Author: Tamora Pierce
False silver coins are showing up in town, and Beka’s own friends are getting in trouble over them. Then a riot ensues over the raising prices of bread. Beka, a first-year Dog that is once more partnerless, is sent with Goodwin to Port Caynn to dig deeper into the surge of counterfeits. But the local Dogs aren’t at all worried about the problem, and Beka’s managed to offend the ruling Rogue. Together with the scent hound Achoo, Beka starts digging deep enough to uncover some truly nasty secrets.
This is a tad long, but the tension manages to stay strong throughout. The various clues about the counterfeiting ring surface slowly, and Beka’s got to play the part of stupid visitor (a role that does not suit her at all). It’s interesting to see how local corruption in the Dogs (the police force) feeds the greater corruption in the city, and how Beka functions when friends and allies are few and far between. It’s also interesting to see all the various discussions around counterfeiting, and how it debases the currency, and how that ripples out to broader impacts. And of course, this is a strong cop story, with plenty of scuffles with Rats and an unflinching look at some of the uglier sides of the Dogs.
I wasn’t as keen on the romance. Beka’s lived a rough enough life that she should’ve realized she was being played, and it’s kind of annoying how willing she is to bed someone she’s known for about two days simply because she’s got a pregnancy charm (what about diseases? or better yet, the fact that he’s still technically a SUSPECT?). So it was hard to read the romantic sections without skimming because the only reason she falls for him is that he’s good-looking and persistent about flirting with her.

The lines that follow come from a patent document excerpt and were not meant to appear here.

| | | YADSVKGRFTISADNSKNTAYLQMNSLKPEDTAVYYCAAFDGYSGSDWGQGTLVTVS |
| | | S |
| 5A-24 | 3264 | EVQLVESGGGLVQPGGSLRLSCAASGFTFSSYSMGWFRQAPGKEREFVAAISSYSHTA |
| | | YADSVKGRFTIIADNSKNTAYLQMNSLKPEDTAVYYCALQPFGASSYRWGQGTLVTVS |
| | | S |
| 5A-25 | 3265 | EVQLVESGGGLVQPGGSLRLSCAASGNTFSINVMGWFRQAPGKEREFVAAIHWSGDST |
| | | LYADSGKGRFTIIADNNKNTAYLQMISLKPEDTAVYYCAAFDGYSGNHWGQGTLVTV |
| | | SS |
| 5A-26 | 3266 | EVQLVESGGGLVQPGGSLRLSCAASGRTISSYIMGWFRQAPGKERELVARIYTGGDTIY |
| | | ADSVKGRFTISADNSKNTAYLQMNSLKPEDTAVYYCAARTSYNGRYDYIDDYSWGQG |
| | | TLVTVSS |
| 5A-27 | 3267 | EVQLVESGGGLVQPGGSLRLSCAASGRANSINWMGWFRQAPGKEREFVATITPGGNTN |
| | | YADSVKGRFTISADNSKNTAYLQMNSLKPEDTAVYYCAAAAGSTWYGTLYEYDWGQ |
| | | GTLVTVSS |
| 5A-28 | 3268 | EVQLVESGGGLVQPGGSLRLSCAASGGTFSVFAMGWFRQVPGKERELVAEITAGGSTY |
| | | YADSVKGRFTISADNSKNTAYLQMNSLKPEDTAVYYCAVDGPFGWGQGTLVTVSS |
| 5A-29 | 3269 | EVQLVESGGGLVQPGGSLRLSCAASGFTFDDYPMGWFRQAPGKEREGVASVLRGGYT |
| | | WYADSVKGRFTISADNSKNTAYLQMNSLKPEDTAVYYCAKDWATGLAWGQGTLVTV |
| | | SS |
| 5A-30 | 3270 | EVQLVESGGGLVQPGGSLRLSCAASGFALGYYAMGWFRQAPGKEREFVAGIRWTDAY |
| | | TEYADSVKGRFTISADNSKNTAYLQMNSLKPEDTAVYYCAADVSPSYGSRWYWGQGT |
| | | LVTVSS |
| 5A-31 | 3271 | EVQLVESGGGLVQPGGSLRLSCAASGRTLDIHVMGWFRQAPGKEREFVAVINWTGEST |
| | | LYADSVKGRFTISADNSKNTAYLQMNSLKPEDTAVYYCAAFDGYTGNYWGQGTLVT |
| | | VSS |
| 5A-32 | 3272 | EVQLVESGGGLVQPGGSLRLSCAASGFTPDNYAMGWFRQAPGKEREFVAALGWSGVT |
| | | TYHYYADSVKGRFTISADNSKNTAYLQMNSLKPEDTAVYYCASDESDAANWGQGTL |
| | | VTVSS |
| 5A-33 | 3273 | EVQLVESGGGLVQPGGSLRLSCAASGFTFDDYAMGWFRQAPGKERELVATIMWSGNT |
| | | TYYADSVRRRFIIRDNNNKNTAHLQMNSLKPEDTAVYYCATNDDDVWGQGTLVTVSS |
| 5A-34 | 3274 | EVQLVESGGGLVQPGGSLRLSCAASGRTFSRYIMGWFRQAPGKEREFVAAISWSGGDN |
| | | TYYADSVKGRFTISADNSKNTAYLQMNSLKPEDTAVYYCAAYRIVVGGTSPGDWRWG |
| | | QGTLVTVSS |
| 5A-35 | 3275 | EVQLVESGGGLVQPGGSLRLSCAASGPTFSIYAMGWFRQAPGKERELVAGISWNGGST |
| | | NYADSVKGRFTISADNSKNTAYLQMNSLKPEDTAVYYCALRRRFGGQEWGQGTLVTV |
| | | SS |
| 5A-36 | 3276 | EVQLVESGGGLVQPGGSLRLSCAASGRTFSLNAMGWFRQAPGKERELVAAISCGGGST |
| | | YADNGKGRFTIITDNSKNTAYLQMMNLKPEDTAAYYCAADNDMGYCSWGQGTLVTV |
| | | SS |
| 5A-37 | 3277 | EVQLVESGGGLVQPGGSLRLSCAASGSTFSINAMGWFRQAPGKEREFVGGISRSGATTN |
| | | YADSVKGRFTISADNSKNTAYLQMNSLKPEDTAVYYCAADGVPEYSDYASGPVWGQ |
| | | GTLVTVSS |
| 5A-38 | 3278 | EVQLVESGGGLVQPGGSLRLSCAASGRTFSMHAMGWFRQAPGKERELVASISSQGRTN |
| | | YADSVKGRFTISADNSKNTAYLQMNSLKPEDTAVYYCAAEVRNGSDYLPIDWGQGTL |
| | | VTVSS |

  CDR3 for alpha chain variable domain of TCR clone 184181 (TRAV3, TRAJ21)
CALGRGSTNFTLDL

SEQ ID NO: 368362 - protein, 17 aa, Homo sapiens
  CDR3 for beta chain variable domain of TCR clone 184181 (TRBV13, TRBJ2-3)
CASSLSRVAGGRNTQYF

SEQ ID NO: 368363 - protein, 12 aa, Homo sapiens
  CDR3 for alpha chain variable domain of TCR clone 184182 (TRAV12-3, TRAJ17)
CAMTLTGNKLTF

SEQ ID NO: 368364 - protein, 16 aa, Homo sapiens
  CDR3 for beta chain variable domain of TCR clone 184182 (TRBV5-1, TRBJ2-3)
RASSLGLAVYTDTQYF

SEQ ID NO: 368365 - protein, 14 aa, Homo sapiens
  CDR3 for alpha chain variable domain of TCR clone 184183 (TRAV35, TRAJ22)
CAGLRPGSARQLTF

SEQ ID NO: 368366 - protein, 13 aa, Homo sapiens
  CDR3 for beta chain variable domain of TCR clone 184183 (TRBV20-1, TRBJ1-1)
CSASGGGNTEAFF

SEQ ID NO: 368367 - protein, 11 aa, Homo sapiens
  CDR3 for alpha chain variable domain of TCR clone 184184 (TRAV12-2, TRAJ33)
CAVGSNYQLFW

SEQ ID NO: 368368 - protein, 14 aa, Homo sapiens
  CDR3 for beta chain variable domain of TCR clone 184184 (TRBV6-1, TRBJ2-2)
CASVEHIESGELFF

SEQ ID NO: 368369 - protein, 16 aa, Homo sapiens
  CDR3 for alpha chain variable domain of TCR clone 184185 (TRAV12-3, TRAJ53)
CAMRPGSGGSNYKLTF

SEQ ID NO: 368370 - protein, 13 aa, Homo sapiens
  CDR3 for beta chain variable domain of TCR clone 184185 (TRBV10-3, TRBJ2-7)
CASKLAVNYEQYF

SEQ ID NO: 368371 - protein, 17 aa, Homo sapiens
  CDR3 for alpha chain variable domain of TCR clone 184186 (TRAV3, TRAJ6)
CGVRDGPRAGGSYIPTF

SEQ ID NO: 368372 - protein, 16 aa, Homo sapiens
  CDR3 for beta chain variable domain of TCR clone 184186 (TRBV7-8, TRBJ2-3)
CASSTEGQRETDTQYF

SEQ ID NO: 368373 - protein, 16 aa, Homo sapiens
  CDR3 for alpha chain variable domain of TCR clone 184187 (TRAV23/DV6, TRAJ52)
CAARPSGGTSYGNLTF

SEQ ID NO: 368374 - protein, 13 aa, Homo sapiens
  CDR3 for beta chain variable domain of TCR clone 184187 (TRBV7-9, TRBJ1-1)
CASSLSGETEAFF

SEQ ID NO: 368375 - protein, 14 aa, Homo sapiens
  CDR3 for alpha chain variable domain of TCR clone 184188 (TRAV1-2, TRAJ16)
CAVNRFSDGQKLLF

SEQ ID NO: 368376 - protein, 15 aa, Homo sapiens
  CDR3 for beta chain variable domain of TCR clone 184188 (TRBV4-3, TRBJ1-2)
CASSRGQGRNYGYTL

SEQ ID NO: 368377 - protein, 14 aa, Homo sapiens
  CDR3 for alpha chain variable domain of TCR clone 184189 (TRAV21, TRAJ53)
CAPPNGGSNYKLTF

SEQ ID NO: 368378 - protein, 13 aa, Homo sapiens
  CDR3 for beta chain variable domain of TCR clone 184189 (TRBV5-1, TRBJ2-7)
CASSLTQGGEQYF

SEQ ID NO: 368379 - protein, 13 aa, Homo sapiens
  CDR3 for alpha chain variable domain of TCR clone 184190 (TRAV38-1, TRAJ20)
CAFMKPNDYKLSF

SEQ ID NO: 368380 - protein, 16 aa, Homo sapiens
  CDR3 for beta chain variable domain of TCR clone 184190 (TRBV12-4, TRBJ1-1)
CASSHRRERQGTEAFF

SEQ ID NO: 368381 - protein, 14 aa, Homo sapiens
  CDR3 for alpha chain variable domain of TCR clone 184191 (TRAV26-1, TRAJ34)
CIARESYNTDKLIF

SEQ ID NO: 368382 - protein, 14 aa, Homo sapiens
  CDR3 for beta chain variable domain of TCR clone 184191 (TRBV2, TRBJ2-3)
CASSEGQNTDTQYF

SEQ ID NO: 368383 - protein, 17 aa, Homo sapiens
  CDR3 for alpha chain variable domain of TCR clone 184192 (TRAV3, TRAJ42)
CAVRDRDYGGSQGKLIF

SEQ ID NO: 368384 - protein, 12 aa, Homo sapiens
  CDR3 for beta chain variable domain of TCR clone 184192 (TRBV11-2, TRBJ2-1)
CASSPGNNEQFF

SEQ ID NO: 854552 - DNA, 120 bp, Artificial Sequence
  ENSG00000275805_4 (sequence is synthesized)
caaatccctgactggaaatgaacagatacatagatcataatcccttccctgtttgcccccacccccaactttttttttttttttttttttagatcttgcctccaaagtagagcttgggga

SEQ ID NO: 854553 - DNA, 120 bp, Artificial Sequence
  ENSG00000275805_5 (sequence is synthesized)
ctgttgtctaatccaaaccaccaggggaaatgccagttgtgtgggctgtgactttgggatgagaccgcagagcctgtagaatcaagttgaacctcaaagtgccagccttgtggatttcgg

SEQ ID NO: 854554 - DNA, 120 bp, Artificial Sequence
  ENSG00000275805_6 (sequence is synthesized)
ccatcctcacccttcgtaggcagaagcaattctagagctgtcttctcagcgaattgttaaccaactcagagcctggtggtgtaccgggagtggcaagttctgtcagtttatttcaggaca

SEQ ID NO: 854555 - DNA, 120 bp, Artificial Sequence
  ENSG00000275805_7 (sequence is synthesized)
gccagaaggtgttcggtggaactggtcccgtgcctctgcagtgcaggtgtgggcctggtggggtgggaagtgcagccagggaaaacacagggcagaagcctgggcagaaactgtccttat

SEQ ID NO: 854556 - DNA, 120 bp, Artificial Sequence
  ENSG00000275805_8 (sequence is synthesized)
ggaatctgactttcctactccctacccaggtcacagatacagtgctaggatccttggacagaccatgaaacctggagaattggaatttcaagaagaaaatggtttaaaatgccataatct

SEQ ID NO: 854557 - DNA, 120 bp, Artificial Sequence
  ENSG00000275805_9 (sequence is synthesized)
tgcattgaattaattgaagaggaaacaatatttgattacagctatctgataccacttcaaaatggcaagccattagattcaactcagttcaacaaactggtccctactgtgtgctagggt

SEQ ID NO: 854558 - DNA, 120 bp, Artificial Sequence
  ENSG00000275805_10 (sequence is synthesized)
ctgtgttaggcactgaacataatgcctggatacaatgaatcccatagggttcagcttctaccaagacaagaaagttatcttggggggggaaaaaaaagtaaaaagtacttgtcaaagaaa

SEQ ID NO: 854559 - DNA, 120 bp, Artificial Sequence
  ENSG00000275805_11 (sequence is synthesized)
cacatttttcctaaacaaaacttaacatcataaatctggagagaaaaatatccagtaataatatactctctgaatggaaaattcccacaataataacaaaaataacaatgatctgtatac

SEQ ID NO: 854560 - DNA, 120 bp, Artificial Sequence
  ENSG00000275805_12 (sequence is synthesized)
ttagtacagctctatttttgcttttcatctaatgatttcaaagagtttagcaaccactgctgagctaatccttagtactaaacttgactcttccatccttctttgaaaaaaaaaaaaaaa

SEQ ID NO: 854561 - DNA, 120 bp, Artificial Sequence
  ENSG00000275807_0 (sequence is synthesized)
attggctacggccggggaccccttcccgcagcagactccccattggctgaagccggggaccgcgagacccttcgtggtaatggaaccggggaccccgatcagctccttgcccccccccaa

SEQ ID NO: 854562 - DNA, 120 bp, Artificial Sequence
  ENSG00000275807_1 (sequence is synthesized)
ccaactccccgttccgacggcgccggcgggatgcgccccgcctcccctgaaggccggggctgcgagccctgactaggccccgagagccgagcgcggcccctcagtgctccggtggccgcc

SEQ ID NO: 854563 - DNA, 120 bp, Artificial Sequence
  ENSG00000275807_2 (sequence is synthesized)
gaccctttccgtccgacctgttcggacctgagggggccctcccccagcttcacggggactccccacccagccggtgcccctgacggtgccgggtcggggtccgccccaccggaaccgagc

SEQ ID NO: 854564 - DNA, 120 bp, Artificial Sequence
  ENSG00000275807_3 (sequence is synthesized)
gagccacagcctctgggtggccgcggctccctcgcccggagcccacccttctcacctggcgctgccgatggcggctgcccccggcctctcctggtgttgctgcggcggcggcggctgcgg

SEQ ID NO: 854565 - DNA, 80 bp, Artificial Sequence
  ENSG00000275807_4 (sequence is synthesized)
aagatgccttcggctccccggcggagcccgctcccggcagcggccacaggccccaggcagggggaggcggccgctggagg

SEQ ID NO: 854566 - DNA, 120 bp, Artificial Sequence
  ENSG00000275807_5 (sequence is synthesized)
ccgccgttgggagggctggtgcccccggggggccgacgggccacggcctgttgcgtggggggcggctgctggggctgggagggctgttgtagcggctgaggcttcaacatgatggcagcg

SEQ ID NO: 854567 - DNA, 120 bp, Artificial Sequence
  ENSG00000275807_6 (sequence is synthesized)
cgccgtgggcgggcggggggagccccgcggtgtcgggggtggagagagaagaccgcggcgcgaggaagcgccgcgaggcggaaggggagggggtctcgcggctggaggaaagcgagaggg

The other thing I wasn’t keen on is how much page time is devoted to glorifying Okha/”Amber” as a woman in a man’s body and how beautiful that is (and the homosexual relationship is also portrayed as good, although that one is more just there, whereas the prose specifically takes time out to highlight Okha and his particular deviancy). I do not believe “feelings” define gender, because this makes as much sense as me saying I’m really a purple six-legged pony from Jupiter because I know it in my heart. (Bonus: since there’s no evidence no one can prove you wrong, and you’re just branded a hater for not going along with it.)
Anyway, I do enjoy them for the cop stories, and for a look at Tortall from a different angle. Magic certainly comes into play, but for the most part this is hardboiled detective work (and in this instance, a couple of scent-hound tracking sprees). If the rest of it doesn’t bother you, then go ahead and read it. I rate this book Recommended.